Last fall, my endo told me she and one of the other endos were both leaving the practice. She was going someplace further away but still very driveable for me (about 30 minutes each way instead of 5). I thought about it, but there was no compelling reason to follow her. I evaluated the other practices within a reasonable distance but they all had a problem (the office staff cancels your appointment when you show up rather than calling first, the doctor is “odd”, the doctor is rigid – his way or the highway, the hospital & practices have been in the news a lot in the past year for avoidable, bad patient outcomes). There was one endo left in my practice (I had only talked to him once when he was on call and I had an emergency) and it took me so long to look at other options, I decided to just keep my appointment with him. That was in November/December and I was pleasantly surprised. He still did a little bit of comparing, but mostly paid attention to what I was saying. We had a real conversation about statins and my reasons for not wanting to go there and I was impressed by his knowledge of the current research and his open mindedness about individual management. He seemed like someone I could work with, and someone who would challenge me a little here and there. I made my follow-up appointment for March and felt pretty good about the whole thing.

Until, I went to get some labs done and the lab tech couldn’t send the results to Endo #3 because he was leaving. What??!!?? That is not the way you want to get that news. I contacted the practice (no answer). I contacted the hospital – oh yes, letters are on the way to all patients. Your satisfaction is important to us, blah, blah, blah. They would be getting an interim endo and they were searching for someone permanent. Again, I thought about changing practices but honestly was discouraged enough (endo burnout?) that I just didn’t do anything at all.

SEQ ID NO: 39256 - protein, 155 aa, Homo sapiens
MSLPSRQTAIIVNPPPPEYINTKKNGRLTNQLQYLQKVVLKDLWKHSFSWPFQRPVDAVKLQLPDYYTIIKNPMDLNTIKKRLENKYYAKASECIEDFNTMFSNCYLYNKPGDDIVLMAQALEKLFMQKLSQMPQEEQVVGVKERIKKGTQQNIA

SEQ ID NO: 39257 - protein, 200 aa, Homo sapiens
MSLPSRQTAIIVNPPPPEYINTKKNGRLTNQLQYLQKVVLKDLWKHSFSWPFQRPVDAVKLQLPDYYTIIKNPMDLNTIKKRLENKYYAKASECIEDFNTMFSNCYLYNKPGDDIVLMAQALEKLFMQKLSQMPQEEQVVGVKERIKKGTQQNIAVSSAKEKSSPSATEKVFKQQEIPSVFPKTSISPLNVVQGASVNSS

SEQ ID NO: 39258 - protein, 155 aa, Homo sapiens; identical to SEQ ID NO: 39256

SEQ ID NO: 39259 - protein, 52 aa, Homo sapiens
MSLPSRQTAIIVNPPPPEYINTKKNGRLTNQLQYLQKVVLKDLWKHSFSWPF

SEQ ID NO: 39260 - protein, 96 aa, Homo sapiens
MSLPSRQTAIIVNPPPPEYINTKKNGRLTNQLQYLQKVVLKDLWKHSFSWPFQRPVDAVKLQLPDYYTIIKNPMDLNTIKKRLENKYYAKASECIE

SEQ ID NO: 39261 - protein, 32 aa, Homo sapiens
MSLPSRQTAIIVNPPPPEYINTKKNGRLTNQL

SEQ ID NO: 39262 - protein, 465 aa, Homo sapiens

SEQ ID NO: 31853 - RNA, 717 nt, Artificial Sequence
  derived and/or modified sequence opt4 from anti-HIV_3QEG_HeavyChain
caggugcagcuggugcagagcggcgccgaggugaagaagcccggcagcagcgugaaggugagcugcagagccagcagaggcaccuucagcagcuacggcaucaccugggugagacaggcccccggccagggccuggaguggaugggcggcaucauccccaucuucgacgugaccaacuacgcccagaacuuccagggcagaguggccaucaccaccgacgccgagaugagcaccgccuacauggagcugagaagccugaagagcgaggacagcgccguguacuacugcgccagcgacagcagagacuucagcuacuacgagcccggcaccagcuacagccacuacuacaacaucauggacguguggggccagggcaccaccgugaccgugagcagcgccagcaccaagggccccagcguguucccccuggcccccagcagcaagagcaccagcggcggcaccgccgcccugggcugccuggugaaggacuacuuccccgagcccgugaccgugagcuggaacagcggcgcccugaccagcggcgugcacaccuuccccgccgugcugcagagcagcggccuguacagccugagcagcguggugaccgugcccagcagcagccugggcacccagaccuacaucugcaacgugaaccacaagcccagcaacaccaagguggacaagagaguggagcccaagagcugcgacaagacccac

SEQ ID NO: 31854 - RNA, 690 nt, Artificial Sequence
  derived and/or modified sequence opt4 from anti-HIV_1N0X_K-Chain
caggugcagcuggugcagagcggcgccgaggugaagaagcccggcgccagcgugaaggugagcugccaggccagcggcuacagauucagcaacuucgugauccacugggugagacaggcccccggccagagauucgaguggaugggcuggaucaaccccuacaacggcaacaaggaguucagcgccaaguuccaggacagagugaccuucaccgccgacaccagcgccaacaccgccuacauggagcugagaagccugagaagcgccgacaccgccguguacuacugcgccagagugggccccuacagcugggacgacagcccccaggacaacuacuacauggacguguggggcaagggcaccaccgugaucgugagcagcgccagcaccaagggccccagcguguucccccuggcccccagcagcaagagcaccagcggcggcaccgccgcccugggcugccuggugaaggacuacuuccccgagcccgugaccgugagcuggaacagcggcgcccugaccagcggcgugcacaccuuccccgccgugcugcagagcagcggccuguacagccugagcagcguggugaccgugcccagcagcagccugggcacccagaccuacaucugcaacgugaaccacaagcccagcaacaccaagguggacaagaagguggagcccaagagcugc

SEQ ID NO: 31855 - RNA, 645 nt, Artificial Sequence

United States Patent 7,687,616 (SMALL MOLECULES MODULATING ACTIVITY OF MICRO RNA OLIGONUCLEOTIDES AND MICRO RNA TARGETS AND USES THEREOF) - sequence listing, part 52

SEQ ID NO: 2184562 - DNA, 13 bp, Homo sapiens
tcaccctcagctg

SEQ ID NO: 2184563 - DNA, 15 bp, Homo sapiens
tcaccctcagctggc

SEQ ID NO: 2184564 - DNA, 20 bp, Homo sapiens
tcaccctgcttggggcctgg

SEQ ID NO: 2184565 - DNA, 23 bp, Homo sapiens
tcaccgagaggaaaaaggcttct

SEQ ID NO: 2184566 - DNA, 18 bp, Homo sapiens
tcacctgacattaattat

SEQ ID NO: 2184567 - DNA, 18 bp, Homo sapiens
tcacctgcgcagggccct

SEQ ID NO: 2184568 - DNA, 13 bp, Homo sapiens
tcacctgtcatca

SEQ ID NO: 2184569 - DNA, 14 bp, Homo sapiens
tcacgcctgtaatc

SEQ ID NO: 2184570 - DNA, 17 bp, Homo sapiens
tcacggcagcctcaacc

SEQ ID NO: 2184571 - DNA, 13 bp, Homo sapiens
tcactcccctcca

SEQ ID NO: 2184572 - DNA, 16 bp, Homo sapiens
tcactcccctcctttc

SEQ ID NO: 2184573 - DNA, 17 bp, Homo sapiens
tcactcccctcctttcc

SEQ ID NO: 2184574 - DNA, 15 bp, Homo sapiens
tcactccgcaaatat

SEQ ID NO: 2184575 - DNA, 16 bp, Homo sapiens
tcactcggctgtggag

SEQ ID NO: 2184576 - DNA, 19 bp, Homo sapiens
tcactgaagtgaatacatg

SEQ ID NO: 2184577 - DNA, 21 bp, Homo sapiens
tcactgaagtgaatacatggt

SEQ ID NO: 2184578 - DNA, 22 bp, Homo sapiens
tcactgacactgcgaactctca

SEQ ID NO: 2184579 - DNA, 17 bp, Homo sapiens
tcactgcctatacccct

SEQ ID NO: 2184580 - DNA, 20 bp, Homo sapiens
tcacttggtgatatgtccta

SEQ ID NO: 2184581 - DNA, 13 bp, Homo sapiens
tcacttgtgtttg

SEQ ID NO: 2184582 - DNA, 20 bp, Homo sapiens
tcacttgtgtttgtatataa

This last week I had my appointment with the locum tenens (fancy medical term for temp doc). I asked at the desk – “how is he? and is he temporary?” and they said that everyone really likes him and that he wants to stay. I then waited for a veeeeeerrrrrrrry long time. Finally the nurse came to get me and said that she was having trouble downloading a meter — not mine — and that’s what took so long. (no comment) She was very cheerful and a little surfacey which didn’t make me less irritated. After another long wait (hello twitter! Thank you @klewing and @kellyrawlings!) the doc came in. He’s youngish (maybe late 30s or early 40s), Indian, professional. He started off by asking me how I was feeling about my diabetes. Ummmm… not that I mind being asked. But it immediately felt too personal in a way. He has no idea who I am, how I have ever felt about my diabetes, what my answer might mean. That’s not at all fair to him – he just met me, he asked me a very good question (not “what is your fasting bg most days” or “what did you do on this day that made your bg so high?”), and I immediately went all porcupine. The whole thing just felt intrusive and judgey. Thank goodness @kellyrawlings tweeted: